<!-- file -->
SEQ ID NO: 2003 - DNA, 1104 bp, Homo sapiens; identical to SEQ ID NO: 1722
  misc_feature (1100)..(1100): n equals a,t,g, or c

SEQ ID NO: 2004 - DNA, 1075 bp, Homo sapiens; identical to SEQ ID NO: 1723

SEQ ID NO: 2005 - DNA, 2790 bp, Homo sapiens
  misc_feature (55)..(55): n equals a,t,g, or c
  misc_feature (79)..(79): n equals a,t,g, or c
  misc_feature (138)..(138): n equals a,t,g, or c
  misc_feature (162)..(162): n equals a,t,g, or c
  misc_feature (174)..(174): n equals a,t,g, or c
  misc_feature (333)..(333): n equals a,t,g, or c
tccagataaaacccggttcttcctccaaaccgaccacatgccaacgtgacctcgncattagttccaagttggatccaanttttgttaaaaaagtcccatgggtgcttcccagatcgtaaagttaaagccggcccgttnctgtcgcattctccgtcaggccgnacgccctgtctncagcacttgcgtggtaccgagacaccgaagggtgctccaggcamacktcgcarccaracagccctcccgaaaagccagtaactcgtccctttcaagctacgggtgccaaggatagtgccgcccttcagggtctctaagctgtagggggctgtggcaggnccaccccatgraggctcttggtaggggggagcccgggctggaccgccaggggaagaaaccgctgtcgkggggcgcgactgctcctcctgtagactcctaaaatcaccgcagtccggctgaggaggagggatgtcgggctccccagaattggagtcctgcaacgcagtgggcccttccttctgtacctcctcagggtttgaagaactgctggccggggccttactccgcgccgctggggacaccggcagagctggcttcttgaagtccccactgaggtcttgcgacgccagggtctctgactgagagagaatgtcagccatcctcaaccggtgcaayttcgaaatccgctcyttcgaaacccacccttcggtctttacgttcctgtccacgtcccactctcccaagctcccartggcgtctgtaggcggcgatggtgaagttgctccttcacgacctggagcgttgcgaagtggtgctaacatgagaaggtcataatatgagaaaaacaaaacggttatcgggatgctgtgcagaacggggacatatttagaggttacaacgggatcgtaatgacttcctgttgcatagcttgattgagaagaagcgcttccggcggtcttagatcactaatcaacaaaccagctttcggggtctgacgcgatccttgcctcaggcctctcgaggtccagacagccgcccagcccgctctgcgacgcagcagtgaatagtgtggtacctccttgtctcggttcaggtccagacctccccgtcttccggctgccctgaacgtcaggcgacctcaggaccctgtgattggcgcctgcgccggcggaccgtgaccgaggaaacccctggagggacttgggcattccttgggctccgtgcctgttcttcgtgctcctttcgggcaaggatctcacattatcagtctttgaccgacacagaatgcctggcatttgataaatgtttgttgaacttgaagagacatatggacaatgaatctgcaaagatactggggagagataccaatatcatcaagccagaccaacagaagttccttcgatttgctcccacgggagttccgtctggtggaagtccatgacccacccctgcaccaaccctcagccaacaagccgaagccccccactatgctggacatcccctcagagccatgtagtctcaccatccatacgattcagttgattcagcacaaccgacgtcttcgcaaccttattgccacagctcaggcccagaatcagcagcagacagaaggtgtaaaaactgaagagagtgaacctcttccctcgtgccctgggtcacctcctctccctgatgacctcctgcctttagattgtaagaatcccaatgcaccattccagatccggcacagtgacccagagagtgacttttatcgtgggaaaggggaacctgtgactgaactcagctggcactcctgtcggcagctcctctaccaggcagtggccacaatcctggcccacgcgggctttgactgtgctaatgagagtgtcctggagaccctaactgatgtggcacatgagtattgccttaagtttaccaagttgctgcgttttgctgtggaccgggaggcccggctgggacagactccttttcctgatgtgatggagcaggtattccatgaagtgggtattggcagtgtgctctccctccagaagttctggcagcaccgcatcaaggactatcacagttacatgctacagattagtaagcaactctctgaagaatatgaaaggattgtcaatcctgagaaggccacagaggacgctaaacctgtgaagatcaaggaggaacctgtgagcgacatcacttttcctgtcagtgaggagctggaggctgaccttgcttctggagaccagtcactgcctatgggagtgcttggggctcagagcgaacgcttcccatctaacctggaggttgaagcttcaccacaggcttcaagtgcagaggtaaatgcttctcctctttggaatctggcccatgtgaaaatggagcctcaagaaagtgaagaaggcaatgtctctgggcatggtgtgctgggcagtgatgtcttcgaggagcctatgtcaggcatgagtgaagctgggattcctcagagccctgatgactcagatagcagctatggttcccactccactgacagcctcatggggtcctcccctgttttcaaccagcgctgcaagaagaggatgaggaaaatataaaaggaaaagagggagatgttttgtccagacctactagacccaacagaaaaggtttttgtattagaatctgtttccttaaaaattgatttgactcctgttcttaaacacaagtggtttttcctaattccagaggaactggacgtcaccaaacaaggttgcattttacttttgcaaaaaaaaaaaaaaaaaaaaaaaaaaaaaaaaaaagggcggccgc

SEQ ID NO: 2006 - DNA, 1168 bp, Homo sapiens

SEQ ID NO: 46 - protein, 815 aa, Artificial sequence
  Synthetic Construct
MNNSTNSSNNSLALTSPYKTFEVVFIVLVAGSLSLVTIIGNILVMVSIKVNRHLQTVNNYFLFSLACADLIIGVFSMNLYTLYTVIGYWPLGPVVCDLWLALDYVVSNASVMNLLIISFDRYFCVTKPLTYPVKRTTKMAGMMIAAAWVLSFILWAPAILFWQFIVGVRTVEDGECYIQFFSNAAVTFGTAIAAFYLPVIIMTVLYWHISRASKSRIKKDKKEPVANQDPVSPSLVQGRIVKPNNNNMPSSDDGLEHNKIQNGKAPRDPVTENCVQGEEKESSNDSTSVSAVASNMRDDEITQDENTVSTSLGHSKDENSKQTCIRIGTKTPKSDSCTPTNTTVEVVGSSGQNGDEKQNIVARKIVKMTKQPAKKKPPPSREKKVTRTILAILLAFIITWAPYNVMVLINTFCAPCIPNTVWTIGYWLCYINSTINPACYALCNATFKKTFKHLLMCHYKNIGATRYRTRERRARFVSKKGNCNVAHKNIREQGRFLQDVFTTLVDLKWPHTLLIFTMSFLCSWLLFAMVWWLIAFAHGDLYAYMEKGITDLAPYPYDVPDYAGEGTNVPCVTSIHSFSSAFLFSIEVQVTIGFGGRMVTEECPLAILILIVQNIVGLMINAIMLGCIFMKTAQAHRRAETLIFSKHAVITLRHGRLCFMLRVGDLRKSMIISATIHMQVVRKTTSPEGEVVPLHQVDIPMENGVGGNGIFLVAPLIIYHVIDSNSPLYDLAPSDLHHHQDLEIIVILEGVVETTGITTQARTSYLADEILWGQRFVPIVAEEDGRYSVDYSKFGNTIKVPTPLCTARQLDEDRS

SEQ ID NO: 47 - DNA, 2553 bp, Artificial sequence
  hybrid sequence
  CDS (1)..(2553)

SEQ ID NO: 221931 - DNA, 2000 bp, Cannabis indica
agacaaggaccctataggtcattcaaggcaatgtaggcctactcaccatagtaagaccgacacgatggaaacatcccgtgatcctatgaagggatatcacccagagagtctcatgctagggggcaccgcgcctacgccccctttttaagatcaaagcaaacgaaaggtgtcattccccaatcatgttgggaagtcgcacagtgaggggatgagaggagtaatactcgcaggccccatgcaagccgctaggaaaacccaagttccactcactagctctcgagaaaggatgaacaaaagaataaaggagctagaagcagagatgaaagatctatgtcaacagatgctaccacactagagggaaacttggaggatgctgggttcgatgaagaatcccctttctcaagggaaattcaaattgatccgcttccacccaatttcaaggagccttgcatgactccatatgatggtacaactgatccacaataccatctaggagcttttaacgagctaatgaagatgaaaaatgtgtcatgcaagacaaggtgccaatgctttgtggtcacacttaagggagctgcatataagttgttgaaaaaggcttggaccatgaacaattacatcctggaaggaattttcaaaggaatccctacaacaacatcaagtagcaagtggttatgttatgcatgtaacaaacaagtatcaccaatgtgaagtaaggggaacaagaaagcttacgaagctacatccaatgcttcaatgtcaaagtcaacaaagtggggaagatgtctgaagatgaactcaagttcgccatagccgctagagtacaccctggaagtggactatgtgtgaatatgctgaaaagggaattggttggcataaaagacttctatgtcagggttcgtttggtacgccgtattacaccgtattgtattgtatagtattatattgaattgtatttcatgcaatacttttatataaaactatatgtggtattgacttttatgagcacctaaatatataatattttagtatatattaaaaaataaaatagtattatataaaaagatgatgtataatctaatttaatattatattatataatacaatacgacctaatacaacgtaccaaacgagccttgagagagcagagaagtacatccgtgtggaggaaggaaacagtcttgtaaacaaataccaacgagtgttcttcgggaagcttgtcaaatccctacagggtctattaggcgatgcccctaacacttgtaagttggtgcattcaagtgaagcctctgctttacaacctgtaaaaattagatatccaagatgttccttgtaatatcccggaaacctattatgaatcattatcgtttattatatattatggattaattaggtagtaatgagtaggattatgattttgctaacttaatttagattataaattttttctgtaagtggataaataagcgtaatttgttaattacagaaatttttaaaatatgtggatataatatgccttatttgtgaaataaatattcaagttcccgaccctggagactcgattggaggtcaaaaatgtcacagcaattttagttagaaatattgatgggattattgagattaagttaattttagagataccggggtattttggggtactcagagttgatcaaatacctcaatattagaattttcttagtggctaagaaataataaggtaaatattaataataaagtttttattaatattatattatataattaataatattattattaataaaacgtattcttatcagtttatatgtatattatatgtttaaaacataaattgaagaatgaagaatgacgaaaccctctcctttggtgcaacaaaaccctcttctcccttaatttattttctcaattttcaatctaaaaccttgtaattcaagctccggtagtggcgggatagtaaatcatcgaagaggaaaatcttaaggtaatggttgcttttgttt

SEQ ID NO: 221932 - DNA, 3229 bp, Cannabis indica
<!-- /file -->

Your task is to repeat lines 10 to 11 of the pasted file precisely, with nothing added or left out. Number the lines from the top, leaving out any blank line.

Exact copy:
  misc_feature (333)..(333): n equals a,t,g, or c
tccagataaaacccggttcttcctccaaaccgaccacatgccaacgtgacctcgncattagttccaagttggatccaanttttgttaaaaaagtcccatgggtgcttcccagatcgtaaagttaaagccggcccgttnctgtcgcattctccgtcaggccgnacgccctgtctncagcacttgcgtggtaccgagacaccgaagggtgctccaggcamacktcgcarccaracagccctcccgaaaagccagtaactcgtccctttcaagctacgggtgccaaggatagtgccgcccttcagggtctctaagctgtagggggctgtggcaggnccaccccatgraggctcttggtaggggggagcccgggctggaccgccaggggaagaaaccgctgtcgkggggcgcgactgctcctcctgtagactcctaaaatcaccgcagtccggctgaggaggagggatgtcgggctccccagaattggagtcctgcaacgcagtgggcccttccttctgtacctcctcagggtttgaagaactgctggccggggccttactccgcgccgctggggacaccggcagagctggcttcttgaagtccccactgaggtcttgcgacgccagggtctctgactgagagagaatgtcagccatcctcaaccggtgcaayttcgaaatccgctcyttcgaaacccacccttcggtctttacgttcctgtccacgtcccactctcccaagctcccartggcgtctgtaggcggcgatggtgaagttgctccttcacgacctggagcgttgcgaagtggtgctaacatgagaaggtcataatatgagaaaaacaaaacggttatcgggatgctgtgcagaacggggacatatttagaggttacaacgggatcgtaatgacttcctgttgcatagcttgattgagaagaagcgcttccggcggtcttagatcactaatcaacaaaccagctttcggggtctgacgcgatccttgcctcaggcctctcgaggtccagacagccgcccagcccgctctgcgacgcagcagtgaatagtgtggtacctccttgtctcggttcaggtccagacctccccgtcttccggctgccctgaacgtcaggcgacctcaggaccctgtgattggcgcctgcgccggcggaccgtgaccgaggaaacccctggagggacttgggcattccttgggctccgtgcctgttcttcgtgctcctttcgggcaaggatctcacattatcagtctttgaccgacacagaatgcctggcatttgataaatgtttgttgaacttgaagagacatatggacaatgaatctgcaaagatactggggagagataccaatatcatcaagccagaccaacagaagttccttcgatttgctcccacgggagttccgtctggtggaagtccatgacccacccctgcaccaaccctcagccaacaagccgaagccccccactatgctggacatcccctcagagccatgtagtctcaccatccatacgattcagttgattcagcacaaccgacgtcttcgcaaccttattgccacagctcaggcccagaatcagcagcagacagaaggtgtaaaaactgaagagagtgaacctcttccctcgtgccctgggtcacctcctctccctgatgacctcctgcctttagattgtaagaatcccaatgcaccattccagatccggcacagtgacccagagagtgacttttatcgtgggaaaggggaacctgtgactgaactcagctggcactcctgtcggcagctcctctaccaggcagtggccacaatcctggcccacgcgggctttgactgtgctaatgagagtgtcctggagaccctaactgatgtggcacatgagtattgccttaagtttaccaagttgctgcgttttgctgtggaccgggaggcccggctgggacagactccttttcctgatgtgatggagcaggtattccatgaagtgggtattggcagtgtgctctccctccagaagttctggcagcaccgcatcaaggactatcacagttacatgctacagattagtaagcaactctctgaagaatatgaaaggattgtcaatcctgagaaggccacagaggacgctaaacctgtgaagatcaaggaggaacctgtgagcgacatcacttttcctgtcagtgaggagctggaggctgaccttgcttctggagaccagtcactgcctatgggagtgcttggggctcagagcgaacgcttcccatctaacctggaggttgaagcttcaccacaggcttcaagtgcagaggtaaatgcttctcctctttggaatctggcccatgtgaaaatggagcctcaagaaagtgaagaaggcaatgtctctgggcatggtgtgctgggcagtgatgtcttcgaggagcctatgtcaggcatgagtgaagctgggattcctcagagccctgatgactcagatagcagctatggttcccactccactgacagcctcatggggtcctcccctgttttcaaccagcgctgcaagaagaggatgaggaaaatataaaaggaaaagagggagatgttttgtccagacctactagacccaacagaaaaggtttttgtattagaatctgtttccttaaaaattgatttgactcctgttcttaaacacaagtggtttttcctaattccagaggaactggacgtcaccaaacaaggttgcattttacttttgcaaaaaaaaaaaaaaaaaaaaaaaaaaaaaaaaaaagggcggccgc